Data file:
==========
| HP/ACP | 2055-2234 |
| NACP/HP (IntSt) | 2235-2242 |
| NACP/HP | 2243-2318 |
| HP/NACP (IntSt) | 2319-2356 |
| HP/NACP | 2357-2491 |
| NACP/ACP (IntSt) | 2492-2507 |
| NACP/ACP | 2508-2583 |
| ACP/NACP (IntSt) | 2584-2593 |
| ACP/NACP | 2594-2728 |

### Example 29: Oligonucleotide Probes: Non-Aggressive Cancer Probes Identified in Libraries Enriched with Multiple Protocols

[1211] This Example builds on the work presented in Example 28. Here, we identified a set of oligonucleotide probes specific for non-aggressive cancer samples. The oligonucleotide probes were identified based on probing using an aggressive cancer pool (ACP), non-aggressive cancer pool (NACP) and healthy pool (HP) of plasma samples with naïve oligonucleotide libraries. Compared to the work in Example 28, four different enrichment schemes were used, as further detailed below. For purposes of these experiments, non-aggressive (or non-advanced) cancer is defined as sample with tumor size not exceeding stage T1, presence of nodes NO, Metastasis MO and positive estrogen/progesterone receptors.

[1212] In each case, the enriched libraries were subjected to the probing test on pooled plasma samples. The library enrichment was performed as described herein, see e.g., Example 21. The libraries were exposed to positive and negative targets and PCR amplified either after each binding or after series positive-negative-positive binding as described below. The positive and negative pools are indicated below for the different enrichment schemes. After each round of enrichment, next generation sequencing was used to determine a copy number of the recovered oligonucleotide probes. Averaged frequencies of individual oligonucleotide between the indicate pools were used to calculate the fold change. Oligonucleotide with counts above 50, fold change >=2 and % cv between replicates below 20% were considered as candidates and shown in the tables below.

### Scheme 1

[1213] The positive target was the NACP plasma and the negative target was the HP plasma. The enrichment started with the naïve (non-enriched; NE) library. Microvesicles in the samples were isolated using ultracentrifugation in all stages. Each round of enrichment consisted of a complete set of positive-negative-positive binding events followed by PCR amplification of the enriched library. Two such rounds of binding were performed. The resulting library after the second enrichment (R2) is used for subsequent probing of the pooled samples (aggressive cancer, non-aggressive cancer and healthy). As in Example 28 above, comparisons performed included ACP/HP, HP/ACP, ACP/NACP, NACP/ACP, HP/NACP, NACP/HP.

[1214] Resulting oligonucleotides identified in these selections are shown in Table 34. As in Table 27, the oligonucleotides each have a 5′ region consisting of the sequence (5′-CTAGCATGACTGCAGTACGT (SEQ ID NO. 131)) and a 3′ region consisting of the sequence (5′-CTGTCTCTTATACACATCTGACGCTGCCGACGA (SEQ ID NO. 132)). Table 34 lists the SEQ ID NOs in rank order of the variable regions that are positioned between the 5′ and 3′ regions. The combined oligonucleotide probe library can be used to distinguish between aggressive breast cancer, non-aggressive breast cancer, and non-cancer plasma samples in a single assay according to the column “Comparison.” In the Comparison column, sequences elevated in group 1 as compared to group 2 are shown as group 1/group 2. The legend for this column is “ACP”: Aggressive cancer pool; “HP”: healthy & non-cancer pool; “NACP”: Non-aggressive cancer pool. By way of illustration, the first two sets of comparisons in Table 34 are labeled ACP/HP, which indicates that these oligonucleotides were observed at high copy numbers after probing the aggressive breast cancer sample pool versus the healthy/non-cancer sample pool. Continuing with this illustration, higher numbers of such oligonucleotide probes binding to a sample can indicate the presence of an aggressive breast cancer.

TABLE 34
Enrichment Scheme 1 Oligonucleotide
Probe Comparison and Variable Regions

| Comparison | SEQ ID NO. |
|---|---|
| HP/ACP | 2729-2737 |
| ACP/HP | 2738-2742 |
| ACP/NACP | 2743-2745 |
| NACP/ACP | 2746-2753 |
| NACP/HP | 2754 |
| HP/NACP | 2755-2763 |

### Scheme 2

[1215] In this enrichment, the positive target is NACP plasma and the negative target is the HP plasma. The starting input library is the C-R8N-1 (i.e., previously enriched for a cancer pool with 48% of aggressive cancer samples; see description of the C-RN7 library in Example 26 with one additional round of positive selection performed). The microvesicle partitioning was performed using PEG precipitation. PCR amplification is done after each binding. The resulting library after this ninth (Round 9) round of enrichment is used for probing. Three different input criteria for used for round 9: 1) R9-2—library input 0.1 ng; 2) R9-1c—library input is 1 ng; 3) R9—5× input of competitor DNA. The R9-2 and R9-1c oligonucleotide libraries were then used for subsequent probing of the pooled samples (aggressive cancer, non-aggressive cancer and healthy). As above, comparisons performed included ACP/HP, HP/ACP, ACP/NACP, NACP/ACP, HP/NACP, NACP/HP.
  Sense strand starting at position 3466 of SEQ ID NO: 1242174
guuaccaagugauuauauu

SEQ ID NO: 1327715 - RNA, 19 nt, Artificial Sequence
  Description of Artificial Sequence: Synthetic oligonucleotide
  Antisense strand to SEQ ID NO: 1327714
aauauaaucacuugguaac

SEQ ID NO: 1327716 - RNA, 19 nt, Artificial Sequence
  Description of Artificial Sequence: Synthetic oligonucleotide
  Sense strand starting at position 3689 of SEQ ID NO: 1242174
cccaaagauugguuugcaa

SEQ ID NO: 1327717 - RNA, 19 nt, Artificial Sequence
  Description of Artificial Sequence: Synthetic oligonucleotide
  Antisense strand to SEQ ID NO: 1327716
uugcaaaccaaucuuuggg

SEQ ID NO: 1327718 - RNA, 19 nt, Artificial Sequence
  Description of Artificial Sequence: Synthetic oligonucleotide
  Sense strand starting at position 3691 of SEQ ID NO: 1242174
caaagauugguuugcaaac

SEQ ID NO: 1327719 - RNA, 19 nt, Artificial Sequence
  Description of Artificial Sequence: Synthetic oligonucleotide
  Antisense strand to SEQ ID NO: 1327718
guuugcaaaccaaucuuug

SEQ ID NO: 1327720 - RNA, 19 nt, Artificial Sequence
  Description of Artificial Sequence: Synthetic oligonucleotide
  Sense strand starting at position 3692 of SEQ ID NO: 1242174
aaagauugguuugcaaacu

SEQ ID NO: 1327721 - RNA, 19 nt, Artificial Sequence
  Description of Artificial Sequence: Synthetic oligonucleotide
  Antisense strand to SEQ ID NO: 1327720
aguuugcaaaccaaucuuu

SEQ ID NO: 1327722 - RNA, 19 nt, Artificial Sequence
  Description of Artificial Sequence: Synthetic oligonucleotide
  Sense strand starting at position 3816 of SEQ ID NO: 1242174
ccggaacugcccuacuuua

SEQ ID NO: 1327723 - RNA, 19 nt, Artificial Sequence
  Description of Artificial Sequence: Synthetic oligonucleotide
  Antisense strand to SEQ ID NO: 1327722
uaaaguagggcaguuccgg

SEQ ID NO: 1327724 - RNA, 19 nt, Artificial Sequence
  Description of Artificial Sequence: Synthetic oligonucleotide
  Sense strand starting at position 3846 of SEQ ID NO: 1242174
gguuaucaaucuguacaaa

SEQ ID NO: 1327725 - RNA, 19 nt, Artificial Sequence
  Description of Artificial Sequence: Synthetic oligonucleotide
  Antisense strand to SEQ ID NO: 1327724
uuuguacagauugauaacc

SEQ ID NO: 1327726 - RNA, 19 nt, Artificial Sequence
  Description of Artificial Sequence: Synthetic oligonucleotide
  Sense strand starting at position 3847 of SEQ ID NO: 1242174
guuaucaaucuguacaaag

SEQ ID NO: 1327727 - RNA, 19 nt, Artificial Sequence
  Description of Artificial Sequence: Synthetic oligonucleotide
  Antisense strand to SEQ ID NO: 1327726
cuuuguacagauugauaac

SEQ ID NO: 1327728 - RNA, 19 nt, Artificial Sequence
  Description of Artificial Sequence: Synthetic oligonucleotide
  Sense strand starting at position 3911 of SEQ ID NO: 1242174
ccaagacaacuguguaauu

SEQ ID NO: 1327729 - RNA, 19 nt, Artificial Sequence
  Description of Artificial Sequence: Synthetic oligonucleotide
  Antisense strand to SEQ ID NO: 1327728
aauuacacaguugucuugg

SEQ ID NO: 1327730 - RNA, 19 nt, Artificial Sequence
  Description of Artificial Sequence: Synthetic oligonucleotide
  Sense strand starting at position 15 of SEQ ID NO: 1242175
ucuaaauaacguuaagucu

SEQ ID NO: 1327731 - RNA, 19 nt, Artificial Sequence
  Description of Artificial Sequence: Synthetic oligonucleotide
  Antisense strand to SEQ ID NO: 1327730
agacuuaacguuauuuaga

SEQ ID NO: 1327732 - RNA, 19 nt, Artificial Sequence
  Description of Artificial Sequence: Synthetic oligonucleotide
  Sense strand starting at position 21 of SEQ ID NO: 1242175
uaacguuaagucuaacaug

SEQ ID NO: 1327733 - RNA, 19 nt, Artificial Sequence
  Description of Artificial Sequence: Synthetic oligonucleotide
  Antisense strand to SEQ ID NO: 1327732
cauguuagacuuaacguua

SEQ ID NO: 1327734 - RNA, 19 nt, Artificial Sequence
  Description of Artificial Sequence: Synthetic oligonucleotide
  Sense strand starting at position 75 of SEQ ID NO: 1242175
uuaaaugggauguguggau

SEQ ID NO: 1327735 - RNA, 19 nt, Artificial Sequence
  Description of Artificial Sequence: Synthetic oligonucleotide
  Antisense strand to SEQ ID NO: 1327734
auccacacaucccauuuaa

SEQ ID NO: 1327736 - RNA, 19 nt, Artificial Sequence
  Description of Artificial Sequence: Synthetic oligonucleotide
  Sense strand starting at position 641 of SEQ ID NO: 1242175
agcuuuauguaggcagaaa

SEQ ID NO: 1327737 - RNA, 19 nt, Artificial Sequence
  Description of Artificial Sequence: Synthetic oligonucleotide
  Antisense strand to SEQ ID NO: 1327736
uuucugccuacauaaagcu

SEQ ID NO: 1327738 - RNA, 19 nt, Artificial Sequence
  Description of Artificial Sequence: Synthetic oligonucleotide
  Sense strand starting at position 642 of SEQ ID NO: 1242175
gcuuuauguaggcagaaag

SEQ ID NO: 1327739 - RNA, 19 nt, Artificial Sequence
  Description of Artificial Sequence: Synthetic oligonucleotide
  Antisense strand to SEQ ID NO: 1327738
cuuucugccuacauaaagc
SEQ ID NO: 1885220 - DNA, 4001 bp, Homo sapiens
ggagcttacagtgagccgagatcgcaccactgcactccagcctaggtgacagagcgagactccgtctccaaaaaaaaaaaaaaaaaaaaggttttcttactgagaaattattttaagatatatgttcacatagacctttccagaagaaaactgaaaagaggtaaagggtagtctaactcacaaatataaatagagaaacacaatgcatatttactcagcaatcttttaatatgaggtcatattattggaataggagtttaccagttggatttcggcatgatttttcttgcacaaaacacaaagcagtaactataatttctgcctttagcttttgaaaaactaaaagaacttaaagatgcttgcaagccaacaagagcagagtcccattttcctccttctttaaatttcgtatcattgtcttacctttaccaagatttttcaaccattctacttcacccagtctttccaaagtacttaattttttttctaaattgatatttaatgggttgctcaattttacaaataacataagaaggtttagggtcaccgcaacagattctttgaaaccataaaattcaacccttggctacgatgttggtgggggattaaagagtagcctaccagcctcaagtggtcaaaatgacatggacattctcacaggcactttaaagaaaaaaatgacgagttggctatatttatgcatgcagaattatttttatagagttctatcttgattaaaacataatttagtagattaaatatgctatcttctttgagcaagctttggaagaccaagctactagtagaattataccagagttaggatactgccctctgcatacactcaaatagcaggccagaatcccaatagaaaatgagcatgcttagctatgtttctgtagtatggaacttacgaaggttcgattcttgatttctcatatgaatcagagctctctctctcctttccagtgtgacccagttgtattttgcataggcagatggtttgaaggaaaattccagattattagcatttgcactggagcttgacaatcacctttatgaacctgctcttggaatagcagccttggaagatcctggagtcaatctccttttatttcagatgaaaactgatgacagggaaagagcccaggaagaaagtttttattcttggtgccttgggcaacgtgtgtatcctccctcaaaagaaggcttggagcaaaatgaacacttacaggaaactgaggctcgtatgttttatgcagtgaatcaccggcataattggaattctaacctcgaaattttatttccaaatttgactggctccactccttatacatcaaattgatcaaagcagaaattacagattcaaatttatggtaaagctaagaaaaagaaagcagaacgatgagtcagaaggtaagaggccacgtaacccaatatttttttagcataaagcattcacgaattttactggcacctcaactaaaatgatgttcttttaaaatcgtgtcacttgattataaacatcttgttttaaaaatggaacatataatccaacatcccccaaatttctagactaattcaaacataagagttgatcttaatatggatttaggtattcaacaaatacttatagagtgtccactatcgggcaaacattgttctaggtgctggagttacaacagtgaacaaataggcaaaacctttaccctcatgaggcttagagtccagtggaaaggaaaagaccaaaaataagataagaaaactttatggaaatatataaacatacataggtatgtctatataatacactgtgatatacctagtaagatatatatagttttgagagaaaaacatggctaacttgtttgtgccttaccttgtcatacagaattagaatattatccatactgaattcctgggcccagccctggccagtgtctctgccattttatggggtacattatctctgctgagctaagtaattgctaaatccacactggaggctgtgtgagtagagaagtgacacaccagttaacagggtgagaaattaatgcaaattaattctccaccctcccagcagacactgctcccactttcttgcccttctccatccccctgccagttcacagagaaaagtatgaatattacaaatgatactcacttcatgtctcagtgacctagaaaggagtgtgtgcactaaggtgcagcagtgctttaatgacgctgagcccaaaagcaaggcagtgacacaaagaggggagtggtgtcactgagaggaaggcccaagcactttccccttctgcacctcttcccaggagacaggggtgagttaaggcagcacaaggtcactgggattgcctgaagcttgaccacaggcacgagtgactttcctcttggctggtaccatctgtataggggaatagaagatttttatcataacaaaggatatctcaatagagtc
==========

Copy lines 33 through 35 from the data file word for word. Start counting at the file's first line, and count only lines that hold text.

  Antisense strand to SEQ ID NO: 1327714
aauauaaucacuugguaac

SEQ ID NO: 1327716 - RNA, 19 nt, Artificial Sequence